The complexity of trying to eulogize someone you’ve never truly met, but was – and still is – someone you connected with you on a level not many can is difficult. It’s a trying process – finality itself – and coming to terms with the realization someone you talked to regularly is gone. Someone who understood your struggles and to some degree you understood theirs.
Which culminated with the goal of trying to understand theirs as much as possible, so that empathy and sympathy -the former more than the latter – were always at the forefront.
In trying to understand who Nicole was – the Nicole I knew – I realize that I’m of a bias and I only got to experience who she was from a unique vantage point. She was by all accounts @bratriice, someone whose namesake bordered on a cult status. She loved Brad Marchand and if you didn’t she brought a nearly religious perspective to why you should.
Every discussion about Marchand – and Patrice Bergeron to a slightly lesser extent, though NEVER forgotten – was like the sermon on the mount. It was her court, her time to spread a gospel which made those awful Sunday preachers on TV look like amateurs. You got the real sense immediately that fandom – this fandom that she held so dearly – was what really made her standout.
And those traits, those innate appreciations are what made her friendship so infectious. I can rarely remember a time that stands out where I came across someone who knew of her, but had a bad thing to say in 140 characters or less. Nicole was – and is – still someone who could look at you with unbiased eyes and still find ways to care or worry about you.
She cared deeply for those who she grew close to and I was privileged to receive that from her. A level of respect, admiration, and unconditional love that isn’t normally found in Hockey Twitter but that made it wholesome to some respects. Even with the in-fighting, the mediocrity, the trash, the moments that didn’t tear the community apart, and god knows what else she was there as one should be: finding enjoyment where she could.
When times sucked and she needed to rant or stunt on someone she brought the heat. If you made mistakes, Nicole made sure you learned from them, and she tried to make sure she could help you be the best person you could be. Again: you don’t find these types of people regularly online; especially ones who are transparent about their battles.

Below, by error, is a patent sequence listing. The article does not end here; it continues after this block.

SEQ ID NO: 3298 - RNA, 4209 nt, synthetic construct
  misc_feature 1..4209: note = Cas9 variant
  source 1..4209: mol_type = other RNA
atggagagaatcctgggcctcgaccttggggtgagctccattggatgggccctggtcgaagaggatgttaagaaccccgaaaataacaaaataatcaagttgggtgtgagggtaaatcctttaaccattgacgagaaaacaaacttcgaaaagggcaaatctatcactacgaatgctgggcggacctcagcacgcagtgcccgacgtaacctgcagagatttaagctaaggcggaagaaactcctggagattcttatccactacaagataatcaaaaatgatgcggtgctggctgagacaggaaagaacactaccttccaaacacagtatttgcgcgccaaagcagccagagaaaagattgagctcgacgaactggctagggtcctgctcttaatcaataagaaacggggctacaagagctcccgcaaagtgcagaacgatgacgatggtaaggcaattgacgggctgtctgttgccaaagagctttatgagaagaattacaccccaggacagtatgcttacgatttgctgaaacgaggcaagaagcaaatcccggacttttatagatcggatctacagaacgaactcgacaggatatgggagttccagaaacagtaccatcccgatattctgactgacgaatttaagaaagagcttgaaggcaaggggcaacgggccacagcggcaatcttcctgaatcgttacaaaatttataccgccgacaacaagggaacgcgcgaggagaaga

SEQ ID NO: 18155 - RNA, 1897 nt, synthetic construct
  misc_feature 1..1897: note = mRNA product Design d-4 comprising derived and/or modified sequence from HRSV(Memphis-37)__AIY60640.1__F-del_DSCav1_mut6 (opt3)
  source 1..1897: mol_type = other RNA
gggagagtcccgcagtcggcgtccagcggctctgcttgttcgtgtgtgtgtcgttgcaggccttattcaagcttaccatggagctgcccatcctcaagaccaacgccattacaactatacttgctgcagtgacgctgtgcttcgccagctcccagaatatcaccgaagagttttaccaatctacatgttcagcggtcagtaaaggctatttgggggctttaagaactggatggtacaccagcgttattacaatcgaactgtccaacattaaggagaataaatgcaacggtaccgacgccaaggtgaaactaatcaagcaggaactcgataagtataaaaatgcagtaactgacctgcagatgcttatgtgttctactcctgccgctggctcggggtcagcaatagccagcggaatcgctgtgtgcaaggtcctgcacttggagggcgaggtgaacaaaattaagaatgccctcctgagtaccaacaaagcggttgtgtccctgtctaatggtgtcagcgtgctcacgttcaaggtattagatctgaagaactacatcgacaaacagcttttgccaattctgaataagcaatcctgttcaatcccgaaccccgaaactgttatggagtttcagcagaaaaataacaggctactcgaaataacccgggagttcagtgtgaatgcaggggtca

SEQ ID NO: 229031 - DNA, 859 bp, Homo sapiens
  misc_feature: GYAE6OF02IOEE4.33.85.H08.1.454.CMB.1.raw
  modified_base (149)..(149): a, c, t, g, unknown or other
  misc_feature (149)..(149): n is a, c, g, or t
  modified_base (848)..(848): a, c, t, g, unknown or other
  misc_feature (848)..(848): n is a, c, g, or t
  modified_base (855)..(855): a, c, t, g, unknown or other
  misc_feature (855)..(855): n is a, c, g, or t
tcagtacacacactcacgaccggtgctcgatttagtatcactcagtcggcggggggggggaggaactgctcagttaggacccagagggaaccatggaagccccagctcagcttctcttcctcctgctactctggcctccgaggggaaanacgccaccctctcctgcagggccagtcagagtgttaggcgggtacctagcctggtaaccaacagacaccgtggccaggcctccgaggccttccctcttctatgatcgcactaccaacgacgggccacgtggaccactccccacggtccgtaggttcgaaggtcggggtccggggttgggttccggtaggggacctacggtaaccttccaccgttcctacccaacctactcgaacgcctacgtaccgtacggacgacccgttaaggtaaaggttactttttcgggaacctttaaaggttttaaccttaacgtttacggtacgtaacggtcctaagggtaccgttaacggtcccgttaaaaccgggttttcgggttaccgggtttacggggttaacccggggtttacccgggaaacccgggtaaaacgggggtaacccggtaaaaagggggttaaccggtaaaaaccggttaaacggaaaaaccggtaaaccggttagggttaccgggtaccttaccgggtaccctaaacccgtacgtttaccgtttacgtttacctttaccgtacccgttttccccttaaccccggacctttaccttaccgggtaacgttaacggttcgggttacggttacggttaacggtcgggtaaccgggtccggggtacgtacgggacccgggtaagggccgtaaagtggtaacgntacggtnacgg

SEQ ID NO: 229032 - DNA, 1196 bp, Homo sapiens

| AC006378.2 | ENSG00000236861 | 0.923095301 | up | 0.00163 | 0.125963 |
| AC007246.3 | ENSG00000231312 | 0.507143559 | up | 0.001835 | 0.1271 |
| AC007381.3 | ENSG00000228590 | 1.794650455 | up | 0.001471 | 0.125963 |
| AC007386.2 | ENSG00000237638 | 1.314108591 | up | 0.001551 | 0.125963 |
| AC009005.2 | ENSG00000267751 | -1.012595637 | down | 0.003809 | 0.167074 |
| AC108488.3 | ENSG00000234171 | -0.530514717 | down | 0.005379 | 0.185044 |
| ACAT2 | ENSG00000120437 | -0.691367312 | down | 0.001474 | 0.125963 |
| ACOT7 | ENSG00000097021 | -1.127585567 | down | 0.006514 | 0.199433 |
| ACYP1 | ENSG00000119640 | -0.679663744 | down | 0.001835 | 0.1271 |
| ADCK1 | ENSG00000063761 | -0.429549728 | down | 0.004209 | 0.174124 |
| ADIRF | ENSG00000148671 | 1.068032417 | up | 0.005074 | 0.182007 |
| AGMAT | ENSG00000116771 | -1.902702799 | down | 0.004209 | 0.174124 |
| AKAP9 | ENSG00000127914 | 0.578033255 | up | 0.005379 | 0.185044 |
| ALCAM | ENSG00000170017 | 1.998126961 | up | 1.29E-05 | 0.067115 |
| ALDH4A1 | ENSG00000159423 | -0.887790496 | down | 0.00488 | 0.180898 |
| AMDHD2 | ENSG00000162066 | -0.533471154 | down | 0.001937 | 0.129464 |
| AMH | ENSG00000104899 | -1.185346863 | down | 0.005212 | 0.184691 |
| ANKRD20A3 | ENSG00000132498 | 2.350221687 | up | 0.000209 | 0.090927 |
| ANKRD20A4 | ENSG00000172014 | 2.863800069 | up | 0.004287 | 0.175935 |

I can’t speak to the impact that her battles with mental illness had on her and her friends or family. I can’t speak to those intimate details or the late nights with friends trying to understand the demons she fought. I can speak to how she approached them and explained them to me. And try as I might I can’t come to terms properly with whether or not I failed her in her darkest hour.
Mental illnesses and the impact that they have not just on the person suffering from them, but the immediate friends and family around them is indescribable. More often than not it’s the illness winning and creating the worst outcome; in some cases it’s different, with a positive ending.
The unfortunate side effect of what happened – or may or may not have – is the speculation aspect. I just know that Nicole kept fighting her battles with more courage than many can muster. Respecting who she was and what she represented is so vital to holding onto her memory. I know that from our growth in our friendship over the last few months, with many heart to hearts I saw someone who just wanted balance and control.
It’s so damn easy to empathize with that and want that for them. Not for anything more than the belief that Nicole deserved that. She deserved happiness.
In those talks about finding that equilibrium you could tell how much she believed in her friends. Even at your lowest, with no confidence, and the bleakest of times around you she saw what you were aspiring to be. She saw you, for who you are – at your very best – and she believed you could achieve it. Without her help and guidance as a friend – someone she never got to meet in person – she helped push me into therapy.
She believed in me and supported me, unconditionally with love, and the hope for a brighter tomorrow that I’d get there. And that’s the most heartbreaking part in all of this for me and from what I saw. It’s the admiration and the love she cherished from her friends in hoping they reach their goals that she won’t get to see.
It’s impossible to replace someone like her – and I would dare any mortal to attempt it – and I hope no one tries to replace her in their lives. I really hope that we can remember her regularly for the joy she brought to our daily routine, probably unknowingly.
I used to call her my favourite peach and I meant it. No one is like @bratriice and no one ever will be. I really believe that because it’s only been a few days since you left this mortal plain and the profound impact you left on us Nicole shows. There’s a dozen of us in a group chat still reflecting on you, trying to make sure we stay as positive as we can while holding you close to our heart.
63 + 37 = 100. I love you buddy and I’m confident that if there is some sort of afterlife, we’ll be watching hockey there. You framed one of my stupid tweets and put it up in your home. The attention you took of knowing how important meta humor was to me means more than I can ever express. This is – among so many other things – a representation of the amazing soul you are.
— nicola (@bratriice) November 27, 2016
Twitter, talking about life, and trying to solve our girl problems will never be the same. You were you, a perfect friend to me and I’ll love you for forever. 63 + 37 = 100.
Your favourite good content boy,